Murder of John Lennon
On the evening of 8 December 1980, the English musician John Lennon, formerly of the Beatles, was shot and killed in the archway of the Dakota, his residence in New York City. The perpetrator was Mark David Chapman, a recently unemployed resident of Hawaii who was incensed by Lennon's lifestyle and public statements, especially his decade-old songs "Imagine" and "God" and his much-publicized 1966 remark about the Beatles being "more popular than Jesus". Weeks earlier, Lennon released his first album since 1975, Double Fantasy, which had marked a comeback for the musician.
Chapman planned the killing over the course of several months and arrived in New York City two days prior. He began waiting for Lennon at the Dakota on the morning of 8 December. During the afternoon, he met Lennon, who signed his copy of Double Fantasy before leaving for a recording session at Record Plant Studio. Around 10:50 p.m., Lennon returned with his wife Yoko Ono. From the street behind them, Chapman fired five hollow-point bullets from a .38 special revolver, four of which hit Lennon in the back and shoulder, puncturing his left lung and left subclavian artery. Chapman remained at the scene and was promptly arrested. Lennon was rushed in a police cruiser to Roosevelt Hospital, where he was pronounced dead on arrival.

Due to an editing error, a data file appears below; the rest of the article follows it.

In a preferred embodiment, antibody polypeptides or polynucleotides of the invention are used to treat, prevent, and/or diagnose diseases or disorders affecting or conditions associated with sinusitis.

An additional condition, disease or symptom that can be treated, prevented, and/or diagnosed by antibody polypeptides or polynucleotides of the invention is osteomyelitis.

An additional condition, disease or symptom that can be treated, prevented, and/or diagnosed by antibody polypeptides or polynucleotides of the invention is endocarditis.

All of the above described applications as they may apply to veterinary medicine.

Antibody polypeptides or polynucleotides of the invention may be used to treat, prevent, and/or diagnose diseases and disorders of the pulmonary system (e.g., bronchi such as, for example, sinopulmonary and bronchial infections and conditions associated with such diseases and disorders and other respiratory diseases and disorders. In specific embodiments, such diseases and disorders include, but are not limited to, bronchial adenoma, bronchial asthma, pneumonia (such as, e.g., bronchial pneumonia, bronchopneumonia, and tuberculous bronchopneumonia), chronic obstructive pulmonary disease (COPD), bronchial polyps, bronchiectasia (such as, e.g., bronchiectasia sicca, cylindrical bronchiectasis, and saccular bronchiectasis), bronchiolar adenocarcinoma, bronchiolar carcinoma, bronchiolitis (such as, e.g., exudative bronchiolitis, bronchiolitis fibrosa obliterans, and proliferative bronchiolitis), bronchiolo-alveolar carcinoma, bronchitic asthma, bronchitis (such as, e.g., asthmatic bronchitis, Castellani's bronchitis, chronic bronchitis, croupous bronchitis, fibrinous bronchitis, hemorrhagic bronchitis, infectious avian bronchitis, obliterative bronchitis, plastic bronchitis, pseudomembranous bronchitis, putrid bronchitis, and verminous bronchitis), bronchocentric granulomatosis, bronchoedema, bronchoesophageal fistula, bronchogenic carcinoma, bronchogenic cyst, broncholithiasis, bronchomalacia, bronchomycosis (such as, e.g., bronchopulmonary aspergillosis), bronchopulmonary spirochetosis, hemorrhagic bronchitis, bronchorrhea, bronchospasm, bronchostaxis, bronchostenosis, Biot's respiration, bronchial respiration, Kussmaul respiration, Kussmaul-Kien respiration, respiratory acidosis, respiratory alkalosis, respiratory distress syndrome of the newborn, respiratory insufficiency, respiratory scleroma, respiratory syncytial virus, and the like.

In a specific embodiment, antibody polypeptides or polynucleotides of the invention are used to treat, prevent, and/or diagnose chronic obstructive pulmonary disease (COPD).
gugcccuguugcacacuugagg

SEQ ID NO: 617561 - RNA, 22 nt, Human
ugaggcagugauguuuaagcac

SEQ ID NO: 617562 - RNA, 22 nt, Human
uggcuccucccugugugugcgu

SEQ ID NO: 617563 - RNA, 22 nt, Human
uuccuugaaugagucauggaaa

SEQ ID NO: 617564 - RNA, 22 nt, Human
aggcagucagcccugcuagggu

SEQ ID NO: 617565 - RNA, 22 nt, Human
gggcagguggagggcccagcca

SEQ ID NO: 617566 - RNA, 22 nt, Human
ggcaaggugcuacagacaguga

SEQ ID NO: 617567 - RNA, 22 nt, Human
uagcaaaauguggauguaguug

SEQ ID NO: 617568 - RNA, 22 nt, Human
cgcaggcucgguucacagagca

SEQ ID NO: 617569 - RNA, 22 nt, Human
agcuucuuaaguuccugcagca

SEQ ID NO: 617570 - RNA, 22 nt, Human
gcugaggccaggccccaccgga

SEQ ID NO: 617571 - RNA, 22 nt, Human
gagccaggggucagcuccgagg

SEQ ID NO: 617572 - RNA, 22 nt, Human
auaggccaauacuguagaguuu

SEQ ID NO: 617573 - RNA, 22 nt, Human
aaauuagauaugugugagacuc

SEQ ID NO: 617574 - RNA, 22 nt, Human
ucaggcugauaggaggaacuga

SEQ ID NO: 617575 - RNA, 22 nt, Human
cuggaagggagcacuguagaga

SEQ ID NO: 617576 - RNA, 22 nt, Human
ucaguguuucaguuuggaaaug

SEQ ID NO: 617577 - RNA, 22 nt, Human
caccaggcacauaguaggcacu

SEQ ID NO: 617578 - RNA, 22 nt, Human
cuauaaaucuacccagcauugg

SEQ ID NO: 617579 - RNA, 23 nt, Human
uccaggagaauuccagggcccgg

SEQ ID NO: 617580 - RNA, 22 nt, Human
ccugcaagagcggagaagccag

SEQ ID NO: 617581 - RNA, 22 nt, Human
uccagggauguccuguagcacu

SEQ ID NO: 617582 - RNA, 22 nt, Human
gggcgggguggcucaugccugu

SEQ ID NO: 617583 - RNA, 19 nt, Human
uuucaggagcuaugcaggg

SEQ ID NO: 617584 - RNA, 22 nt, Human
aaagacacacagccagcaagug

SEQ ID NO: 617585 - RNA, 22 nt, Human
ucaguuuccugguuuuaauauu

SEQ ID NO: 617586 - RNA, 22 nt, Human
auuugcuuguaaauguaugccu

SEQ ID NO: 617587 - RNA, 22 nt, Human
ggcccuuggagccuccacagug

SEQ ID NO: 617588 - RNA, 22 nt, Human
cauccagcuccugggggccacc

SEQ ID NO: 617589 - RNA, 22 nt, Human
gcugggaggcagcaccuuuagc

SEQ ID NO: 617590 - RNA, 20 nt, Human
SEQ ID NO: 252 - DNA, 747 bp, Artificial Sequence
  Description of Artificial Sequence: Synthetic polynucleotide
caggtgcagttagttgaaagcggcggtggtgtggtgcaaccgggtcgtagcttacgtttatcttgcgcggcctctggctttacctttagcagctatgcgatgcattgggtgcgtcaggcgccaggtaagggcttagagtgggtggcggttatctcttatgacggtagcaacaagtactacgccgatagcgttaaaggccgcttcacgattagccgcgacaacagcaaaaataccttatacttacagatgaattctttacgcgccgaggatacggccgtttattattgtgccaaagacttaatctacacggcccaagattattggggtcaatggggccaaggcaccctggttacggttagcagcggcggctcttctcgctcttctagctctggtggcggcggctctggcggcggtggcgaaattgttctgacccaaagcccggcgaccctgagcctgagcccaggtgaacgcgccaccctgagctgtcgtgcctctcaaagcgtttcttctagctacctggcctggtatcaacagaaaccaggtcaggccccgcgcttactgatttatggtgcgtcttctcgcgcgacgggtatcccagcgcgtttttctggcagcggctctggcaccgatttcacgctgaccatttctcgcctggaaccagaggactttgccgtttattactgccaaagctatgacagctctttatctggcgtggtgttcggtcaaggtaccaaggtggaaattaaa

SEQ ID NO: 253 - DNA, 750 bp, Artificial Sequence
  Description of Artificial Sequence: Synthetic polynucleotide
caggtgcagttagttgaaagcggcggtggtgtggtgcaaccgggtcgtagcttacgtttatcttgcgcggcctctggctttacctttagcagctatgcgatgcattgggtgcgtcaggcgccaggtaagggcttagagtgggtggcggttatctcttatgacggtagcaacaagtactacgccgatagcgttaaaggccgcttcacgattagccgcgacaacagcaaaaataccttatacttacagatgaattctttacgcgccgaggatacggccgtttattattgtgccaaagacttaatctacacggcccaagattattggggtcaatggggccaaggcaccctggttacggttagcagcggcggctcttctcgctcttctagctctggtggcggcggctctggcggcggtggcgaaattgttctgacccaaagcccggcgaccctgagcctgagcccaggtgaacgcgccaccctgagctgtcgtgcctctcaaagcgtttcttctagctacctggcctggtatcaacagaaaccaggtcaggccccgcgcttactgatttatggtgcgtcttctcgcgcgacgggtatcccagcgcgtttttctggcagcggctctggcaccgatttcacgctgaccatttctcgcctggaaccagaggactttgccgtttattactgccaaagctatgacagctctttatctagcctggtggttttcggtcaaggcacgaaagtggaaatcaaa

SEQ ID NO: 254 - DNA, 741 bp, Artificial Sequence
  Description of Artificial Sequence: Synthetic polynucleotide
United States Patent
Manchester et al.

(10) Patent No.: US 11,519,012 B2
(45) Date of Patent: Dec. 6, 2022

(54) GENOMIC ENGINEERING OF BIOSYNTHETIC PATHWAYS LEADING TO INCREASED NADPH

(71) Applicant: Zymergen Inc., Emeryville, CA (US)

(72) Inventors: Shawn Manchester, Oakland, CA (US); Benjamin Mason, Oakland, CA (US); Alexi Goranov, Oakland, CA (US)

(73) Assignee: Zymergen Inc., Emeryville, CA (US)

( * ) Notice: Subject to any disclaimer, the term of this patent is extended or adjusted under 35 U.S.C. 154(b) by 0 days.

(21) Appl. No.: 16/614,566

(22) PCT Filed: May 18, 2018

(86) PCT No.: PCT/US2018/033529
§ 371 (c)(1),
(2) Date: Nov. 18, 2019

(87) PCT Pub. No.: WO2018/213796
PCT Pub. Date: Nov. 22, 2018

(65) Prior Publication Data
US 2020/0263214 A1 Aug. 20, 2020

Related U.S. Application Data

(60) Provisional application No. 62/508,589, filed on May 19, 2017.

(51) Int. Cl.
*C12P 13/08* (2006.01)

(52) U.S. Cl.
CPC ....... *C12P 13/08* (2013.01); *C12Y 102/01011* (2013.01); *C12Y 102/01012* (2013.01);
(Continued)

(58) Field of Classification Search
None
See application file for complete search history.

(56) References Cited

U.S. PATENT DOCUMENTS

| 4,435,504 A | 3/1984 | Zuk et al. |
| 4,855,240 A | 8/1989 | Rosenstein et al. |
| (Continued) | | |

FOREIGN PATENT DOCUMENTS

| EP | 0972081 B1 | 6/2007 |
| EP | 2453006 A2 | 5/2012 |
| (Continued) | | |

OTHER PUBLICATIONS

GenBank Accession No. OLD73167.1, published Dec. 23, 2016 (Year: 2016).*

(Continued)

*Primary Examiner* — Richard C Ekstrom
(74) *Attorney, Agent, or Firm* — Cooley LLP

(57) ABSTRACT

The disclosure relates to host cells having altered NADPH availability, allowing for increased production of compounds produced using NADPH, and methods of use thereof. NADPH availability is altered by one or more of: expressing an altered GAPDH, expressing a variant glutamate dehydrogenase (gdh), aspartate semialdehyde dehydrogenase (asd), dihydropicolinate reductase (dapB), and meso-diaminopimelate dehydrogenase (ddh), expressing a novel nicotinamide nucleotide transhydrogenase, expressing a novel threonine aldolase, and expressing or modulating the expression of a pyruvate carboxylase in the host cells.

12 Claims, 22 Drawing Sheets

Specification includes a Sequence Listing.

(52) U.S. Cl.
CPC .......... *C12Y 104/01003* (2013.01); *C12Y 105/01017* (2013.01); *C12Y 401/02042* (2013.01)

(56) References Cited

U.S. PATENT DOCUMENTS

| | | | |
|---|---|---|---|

A worldwide outpouring of grief ensued on an unprecedented scale. The first media report of Lennon's death to a US national audience was announced by sportscaster Howard Cosell, on ABC's Monday Night Football. Crowds gathered at Roosevelt Hospital and in front of the Dakota, and at least three Beatles fans committed suicide. The event also inspired songs, films, physical memorials, annual gatherings, and other commemorations. The 2016 biographical film The Lennon Report focuses on the hospital staff who tried to resuscitate Lennon, while two other films centre on Chapman and the murder: The Killing of John Lennon (2006) and Chapter 27 (2007).
Lennon was cremated at the Ferncliff Cemetery in Hartsdale, New York on 12 December; the ashes were given to Ono, who chose not to hold a funeral for him. Chapman pleaded guilty to the murder and was given a reduced sentence of 20-years-to-life imprisonment. He has been denied parole 10 times since becoming eligible in 2000.